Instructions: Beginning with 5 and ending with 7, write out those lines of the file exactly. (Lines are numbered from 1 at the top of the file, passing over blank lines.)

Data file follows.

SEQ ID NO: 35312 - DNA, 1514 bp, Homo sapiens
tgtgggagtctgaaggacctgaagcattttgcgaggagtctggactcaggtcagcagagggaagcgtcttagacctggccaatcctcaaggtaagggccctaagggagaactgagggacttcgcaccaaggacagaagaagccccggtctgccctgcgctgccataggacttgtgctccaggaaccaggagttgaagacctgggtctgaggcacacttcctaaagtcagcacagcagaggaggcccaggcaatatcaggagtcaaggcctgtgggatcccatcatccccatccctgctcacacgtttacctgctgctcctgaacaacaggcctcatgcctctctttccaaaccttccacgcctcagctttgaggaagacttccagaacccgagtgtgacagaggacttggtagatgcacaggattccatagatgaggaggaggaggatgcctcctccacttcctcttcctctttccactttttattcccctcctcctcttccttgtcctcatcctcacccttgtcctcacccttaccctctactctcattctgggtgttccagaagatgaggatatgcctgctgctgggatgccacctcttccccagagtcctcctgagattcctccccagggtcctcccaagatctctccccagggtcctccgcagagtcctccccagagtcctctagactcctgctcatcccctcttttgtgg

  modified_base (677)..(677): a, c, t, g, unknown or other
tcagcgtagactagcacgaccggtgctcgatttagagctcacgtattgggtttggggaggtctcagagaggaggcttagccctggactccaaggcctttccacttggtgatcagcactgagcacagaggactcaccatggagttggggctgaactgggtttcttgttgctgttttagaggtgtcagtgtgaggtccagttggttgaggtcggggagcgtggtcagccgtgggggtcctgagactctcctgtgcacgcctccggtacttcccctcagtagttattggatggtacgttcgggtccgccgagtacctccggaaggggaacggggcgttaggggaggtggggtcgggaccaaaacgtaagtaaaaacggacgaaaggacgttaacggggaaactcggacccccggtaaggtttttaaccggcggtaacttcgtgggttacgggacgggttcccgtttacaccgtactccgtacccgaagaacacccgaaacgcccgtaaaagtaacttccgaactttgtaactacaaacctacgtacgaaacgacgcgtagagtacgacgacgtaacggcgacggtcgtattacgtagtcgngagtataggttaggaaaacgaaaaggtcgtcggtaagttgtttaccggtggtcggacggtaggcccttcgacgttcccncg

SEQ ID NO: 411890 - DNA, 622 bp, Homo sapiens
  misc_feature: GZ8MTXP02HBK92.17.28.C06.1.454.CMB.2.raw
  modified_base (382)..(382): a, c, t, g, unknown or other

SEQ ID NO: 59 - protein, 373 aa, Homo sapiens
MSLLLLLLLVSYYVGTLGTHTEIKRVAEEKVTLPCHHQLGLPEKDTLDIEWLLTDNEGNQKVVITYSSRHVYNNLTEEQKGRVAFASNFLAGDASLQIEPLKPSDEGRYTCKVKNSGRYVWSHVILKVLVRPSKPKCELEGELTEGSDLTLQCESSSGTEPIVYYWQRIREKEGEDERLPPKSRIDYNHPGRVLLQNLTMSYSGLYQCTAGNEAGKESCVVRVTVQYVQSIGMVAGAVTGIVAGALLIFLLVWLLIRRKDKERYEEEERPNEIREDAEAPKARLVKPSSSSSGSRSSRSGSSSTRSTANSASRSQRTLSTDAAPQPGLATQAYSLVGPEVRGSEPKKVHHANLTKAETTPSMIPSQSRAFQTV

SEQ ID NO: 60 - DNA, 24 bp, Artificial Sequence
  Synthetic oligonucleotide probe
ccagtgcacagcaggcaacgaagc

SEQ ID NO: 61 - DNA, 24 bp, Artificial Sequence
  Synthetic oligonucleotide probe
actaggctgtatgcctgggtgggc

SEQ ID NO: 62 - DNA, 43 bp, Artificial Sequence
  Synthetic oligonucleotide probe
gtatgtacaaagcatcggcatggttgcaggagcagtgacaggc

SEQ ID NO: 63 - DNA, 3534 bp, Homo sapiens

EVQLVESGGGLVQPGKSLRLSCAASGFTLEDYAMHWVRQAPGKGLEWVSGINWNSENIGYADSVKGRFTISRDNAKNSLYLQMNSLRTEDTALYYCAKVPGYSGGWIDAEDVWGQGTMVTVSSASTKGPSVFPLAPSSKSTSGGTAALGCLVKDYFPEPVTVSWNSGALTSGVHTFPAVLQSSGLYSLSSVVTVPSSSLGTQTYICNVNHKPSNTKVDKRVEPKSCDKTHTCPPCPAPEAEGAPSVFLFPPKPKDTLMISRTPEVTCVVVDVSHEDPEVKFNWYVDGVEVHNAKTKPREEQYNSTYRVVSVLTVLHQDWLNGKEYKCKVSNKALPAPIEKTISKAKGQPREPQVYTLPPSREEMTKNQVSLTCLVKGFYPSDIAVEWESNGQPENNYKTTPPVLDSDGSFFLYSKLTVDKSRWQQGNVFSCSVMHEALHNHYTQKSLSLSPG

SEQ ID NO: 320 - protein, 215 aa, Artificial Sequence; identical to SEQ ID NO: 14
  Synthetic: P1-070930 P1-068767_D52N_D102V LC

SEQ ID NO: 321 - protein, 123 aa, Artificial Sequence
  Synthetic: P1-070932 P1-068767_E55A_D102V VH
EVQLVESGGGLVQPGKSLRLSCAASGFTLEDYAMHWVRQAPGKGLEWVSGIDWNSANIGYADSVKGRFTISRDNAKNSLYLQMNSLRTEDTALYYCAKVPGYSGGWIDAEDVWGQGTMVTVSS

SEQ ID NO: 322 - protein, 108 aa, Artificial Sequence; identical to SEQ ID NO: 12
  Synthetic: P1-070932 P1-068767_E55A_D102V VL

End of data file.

SEQ ID NO: 411890 - DNA, 622 bp, Homo sapiens
  misc_feature: GZ8MTXP02HBK92.17.28.C06.1.454.CMB.2.raw
  modified_base (382)..(382): a, c, t, g, unknown or other